Ms Banks has spoken to Music Week about supporting fellow artists to ensure Black women receive fair treatment in the industry.
The South London rapper has just dropped her EP Bank Statement (Platoon), as well as a video for Favourite Girl. During 2022, she has been touring in Belgium and Germany, and recently appeared in the UK at Strawberries & Creem and Wireless. Upcoming dates include Made Festival in Wolverhampton (July 30), as well as shows in Toronto and Mexico.
The former Music Week cover star has broken through in recent years, including a 2019 collaboration with Little Mix at the BRITs. She has amassed more than 60 million streams and earned the approval of US rapper Nicki Minaj.
Ms Banks has now spoken about her achievements as a woman in the male-dominated UK rap scene. She recently appeared in on three-part rap show Oi TikTok on the video platform.
“I don’t want people to struggle the way some of us struggled, and I’m sure people before me wouldn’t want me to struggle the way they struggled,” said Banks. “When you start seeing someone similar to you have major success, you start knowing that it’s more possible so you’re going to enter the game with a different confidence. And the audience are ready to hear you because they’ve been prepped.”
Those success stories she and her peers are able to tell offer encouragement for the future, according to Banks.
“A lot of people have a chance of making it and that’s really good because everyone deserves that,” said Ms Banks.
To create real progress and change, however, she’s aware that there’s more to do to help future female rappers inspired by her own rise.
“I’m definitely conscious of it,” she told Music Week. “I think about it a lot. I try to make sure that things I do in the background help people after me. It’s known that Black women sometimes get paid the least out of everyone, so I try to make sure that I don’t take less than I’m worth. I think that’s important because if I do, they’re gonna offer the girl after me less. I feel that we deserve more.”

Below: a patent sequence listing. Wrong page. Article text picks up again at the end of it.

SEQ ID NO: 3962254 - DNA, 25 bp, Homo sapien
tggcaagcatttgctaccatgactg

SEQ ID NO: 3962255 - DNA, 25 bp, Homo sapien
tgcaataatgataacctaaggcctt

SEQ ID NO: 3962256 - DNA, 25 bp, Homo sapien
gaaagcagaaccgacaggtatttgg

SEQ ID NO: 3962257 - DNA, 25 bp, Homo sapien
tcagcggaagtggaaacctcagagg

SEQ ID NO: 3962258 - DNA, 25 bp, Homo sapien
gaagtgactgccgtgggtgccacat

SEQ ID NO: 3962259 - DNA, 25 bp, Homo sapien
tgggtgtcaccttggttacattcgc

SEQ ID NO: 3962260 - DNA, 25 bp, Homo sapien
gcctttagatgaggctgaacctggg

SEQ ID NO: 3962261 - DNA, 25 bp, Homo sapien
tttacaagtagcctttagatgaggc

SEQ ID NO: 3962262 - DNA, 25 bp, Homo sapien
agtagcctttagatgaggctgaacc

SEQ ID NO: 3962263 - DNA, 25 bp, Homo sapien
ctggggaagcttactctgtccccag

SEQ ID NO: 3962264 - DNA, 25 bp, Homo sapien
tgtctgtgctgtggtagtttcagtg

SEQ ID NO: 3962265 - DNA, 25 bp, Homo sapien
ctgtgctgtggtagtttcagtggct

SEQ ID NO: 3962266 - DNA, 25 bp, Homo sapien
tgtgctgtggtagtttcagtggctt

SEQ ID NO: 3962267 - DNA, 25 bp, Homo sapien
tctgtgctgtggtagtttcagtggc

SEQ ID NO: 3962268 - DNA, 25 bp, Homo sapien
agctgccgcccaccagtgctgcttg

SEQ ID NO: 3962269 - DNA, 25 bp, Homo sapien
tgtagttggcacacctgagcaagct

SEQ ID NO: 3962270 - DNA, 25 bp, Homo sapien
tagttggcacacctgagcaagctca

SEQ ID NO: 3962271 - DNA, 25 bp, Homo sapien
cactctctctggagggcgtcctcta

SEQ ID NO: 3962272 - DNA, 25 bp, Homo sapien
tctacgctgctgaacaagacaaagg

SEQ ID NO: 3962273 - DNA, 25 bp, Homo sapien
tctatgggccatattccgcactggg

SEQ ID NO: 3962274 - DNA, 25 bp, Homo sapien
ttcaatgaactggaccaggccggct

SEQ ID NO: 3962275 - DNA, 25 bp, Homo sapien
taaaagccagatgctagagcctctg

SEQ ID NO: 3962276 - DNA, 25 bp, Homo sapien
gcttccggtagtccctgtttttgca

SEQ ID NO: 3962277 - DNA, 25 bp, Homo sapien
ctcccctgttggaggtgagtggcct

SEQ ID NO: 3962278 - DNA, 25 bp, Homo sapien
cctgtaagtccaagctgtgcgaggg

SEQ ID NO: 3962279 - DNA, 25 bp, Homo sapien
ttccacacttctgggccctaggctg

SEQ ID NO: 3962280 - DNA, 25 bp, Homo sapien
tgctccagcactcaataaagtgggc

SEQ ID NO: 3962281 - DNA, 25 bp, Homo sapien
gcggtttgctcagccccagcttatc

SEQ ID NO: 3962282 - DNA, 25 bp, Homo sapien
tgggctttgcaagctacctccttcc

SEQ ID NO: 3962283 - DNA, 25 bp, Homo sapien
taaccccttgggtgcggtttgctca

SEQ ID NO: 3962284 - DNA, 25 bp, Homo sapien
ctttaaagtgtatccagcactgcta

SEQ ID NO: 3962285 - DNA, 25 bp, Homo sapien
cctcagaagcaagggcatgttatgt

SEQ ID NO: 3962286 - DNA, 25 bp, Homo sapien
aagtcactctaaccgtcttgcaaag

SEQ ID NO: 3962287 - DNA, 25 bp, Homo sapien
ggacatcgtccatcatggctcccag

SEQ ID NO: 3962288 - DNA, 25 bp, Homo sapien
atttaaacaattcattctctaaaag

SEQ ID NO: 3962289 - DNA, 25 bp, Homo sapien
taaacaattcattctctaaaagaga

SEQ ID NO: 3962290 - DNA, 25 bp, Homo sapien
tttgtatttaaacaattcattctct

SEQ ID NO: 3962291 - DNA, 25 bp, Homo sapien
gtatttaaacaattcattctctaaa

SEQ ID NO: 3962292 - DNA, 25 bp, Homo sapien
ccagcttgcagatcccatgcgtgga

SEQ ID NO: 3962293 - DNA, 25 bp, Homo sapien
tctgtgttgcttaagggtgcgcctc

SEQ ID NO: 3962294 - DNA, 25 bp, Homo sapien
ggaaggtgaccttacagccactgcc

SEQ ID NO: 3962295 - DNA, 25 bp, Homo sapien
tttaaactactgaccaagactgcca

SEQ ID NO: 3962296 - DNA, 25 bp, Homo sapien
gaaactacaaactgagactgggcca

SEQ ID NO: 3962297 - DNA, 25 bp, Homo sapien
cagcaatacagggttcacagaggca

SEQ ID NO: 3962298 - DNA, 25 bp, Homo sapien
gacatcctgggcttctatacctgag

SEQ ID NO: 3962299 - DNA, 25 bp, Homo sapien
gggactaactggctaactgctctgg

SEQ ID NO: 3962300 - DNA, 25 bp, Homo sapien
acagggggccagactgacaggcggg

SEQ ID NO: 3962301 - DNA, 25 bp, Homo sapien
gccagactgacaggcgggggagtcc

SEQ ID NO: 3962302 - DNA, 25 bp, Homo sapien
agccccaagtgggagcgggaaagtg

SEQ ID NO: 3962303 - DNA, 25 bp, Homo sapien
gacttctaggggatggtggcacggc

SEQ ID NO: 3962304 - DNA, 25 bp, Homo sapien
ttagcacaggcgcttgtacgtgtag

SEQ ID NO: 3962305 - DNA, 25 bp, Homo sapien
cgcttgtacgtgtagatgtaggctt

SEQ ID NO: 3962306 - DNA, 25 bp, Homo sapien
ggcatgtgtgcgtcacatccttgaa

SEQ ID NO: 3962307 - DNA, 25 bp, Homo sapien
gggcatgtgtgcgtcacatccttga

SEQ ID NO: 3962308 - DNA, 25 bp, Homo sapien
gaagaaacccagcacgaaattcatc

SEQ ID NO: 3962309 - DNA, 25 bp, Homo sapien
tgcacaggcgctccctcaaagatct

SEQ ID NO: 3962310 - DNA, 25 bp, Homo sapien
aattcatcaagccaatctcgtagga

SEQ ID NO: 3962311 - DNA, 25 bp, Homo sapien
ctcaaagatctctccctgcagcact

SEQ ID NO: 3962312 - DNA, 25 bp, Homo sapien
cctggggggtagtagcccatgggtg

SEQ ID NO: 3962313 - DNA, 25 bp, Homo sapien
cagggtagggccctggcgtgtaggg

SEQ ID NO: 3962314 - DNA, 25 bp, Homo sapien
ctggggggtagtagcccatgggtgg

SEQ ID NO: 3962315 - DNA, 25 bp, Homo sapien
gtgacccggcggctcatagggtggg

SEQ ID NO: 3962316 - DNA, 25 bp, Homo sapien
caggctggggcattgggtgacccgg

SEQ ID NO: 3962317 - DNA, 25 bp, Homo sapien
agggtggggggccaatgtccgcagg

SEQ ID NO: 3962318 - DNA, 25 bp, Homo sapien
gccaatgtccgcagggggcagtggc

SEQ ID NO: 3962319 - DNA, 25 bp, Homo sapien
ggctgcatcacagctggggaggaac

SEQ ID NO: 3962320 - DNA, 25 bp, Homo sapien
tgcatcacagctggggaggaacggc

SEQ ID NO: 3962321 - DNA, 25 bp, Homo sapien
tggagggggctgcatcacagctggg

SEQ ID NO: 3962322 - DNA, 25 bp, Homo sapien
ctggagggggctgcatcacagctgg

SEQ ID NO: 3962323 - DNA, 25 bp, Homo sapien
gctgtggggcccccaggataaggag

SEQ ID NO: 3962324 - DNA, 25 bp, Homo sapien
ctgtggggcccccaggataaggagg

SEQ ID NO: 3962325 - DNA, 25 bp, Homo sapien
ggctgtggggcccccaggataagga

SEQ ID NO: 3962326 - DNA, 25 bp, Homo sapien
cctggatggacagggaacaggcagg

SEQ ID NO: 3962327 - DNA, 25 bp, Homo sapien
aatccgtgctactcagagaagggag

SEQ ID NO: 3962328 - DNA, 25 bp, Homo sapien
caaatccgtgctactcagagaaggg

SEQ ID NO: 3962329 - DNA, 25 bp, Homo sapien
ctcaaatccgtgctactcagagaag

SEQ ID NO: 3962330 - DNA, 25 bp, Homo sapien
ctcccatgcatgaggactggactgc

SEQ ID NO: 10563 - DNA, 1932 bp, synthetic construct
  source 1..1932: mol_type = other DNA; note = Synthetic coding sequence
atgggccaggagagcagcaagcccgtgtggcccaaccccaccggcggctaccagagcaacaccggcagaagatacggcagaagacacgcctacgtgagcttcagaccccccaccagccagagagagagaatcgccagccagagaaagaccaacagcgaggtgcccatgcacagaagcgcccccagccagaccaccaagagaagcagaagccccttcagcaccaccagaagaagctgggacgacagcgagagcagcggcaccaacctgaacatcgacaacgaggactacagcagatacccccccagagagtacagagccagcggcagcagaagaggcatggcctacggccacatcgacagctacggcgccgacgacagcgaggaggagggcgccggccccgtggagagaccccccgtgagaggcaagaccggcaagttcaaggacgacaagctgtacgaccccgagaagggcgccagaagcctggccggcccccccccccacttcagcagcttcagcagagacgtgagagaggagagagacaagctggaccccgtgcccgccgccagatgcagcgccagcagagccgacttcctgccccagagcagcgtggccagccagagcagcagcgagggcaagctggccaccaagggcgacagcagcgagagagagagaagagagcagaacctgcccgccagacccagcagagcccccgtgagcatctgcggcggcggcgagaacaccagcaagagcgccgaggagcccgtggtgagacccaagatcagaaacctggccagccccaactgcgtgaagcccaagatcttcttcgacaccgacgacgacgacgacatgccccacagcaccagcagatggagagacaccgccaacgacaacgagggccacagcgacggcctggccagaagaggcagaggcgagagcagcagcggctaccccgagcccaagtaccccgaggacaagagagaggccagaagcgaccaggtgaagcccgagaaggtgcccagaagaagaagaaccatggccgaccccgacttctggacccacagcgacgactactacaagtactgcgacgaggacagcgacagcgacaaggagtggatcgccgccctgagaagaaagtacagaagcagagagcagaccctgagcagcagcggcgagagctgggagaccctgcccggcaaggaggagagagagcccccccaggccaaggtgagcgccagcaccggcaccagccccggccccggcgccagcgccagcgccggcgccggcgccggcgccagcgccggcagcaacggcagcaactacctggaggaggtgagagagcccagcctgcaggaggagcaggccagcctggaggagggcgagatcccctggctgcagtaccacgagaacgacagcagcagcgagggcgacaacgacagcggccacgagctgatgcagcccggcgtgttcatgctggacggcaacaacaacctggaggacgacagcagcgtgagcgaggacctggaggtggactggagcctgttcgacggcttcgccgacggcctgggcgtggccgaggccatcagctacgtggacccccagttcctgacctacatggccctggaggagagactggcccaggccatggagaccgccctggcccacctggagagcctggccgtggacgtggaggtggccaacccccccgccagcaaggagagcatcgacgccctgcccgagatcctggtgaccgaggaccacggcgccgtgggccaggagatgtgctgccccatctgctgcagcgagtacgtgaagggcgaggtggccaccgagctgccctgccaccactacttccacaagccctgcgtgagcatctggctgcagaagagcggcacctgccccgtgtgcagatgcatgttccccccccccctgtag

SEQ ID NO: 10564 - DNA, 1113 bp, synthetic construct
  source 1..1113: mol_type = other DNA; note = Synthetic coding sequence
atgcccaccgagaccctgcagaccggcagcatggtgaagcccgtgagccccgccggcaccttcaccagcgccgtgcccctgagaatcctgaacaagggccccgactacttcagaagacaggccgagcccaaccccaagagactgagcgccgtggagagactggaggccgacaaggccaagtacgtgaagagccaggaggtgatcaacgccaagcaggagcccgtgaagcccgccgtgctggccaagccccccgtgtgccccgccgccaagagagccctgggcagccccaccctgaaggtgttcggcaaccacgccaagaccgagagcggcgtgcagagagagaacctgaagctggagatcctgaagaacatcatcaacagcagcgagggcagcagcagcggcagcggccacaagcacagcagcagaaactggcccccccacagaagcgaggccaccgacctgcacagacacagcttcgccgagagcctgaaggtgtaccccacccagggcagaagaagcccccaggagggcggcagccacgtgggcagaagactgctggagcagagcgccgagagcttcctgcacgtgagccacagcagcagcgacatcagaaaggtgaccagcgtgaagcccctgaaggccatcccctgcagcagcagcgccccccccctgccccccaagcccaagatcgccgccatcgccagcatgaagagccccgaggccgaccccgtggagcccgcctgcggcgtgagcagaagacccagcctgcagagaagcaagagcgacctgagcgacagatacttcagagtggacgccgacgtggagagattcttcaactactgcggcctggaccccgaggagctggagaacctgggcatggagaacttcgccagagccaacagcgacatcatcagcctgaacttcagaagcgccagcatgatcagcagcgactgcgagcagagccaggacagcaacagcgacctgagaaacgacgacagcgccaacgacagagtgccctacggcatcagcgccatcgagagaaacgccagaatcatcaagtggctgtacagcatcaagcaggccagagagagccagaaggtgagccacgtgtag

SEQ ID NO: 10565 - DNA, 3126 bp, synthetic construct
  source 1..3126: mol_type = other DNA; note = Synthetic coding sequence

While she’s acutely aware of the hurdles, it’s been a rude awakening for her management.
“As men, we have learnt some really frightening and scary realities in managing a Black female artist,” said Tops Bademosi, Banks’ co-manager at The Team Music.
Ms Banks has had streaming success with Dip feat. Stefflon Don (6.1 million Spotify streams), which features on the new mixtape, and Snack feat. Kida Kudz (16.4m).
“We plan to show the different aspects of who Ms Banks is as an artist with the project, touching on values that ring true to her and the people she represents,” said Junior Anim-Barimah, Platoon’s marketing lead. “We always get great support from Apple Music, Spotify, YouTube, Amazon and Deezer. We’ve focused on putting together a project that has moments for everyone, and there are definitely songs on the record that will perform well. Radio 1, 1Xtra, Capital Xtra and Kiss FM have been great so far.”
I don’t want people to struggle the way some of us struggled
“Ms Banks is truly one of the most naturally gifted musicians we’ve ever met,” added Bademosi. “She’s a genuine force to be reckoned with on a global scale when she’s rapping, and her vocal range is incredible too, which gives her a unique ability to create a really diverse mix of music. That, coupled with her personality and maturity, has led to such major growth in her artistry over the years.”
“I’ve always loved all types of music,” explained Ms Banks (real name Thyra Oji), who’s from Camberwell. “In the pop world, singers really get to play around with genres, and I feel like in rap sometimes we can be quite confined – so if you jump on drill, you’re a drill artist. If you do Afro swing, you’re an Afro artist. Sometimes in genres, as a woman, people want you to be one way inclined, but that’s just not it. There’s loads of different sides to Thyra, and Ms Banks the artist.”
Banks’ focus now is on making sure her Bank Statement sets the legacy she envisions for herself.
“I want to do more before I dive into other worlds,” she said. “I know some people look at me and think I’m already made, but I feel like there’s some things I want to tick off my bucket list before starting my own label and getting other people on board. But there are loads of women I see with potential, and I feel like when the time is right I want to work with more of them. If that’s going to give them more limelight, and more visibility, I’m definitely down to do it.”
Subscribers can read the full interview by Colleen Harris here.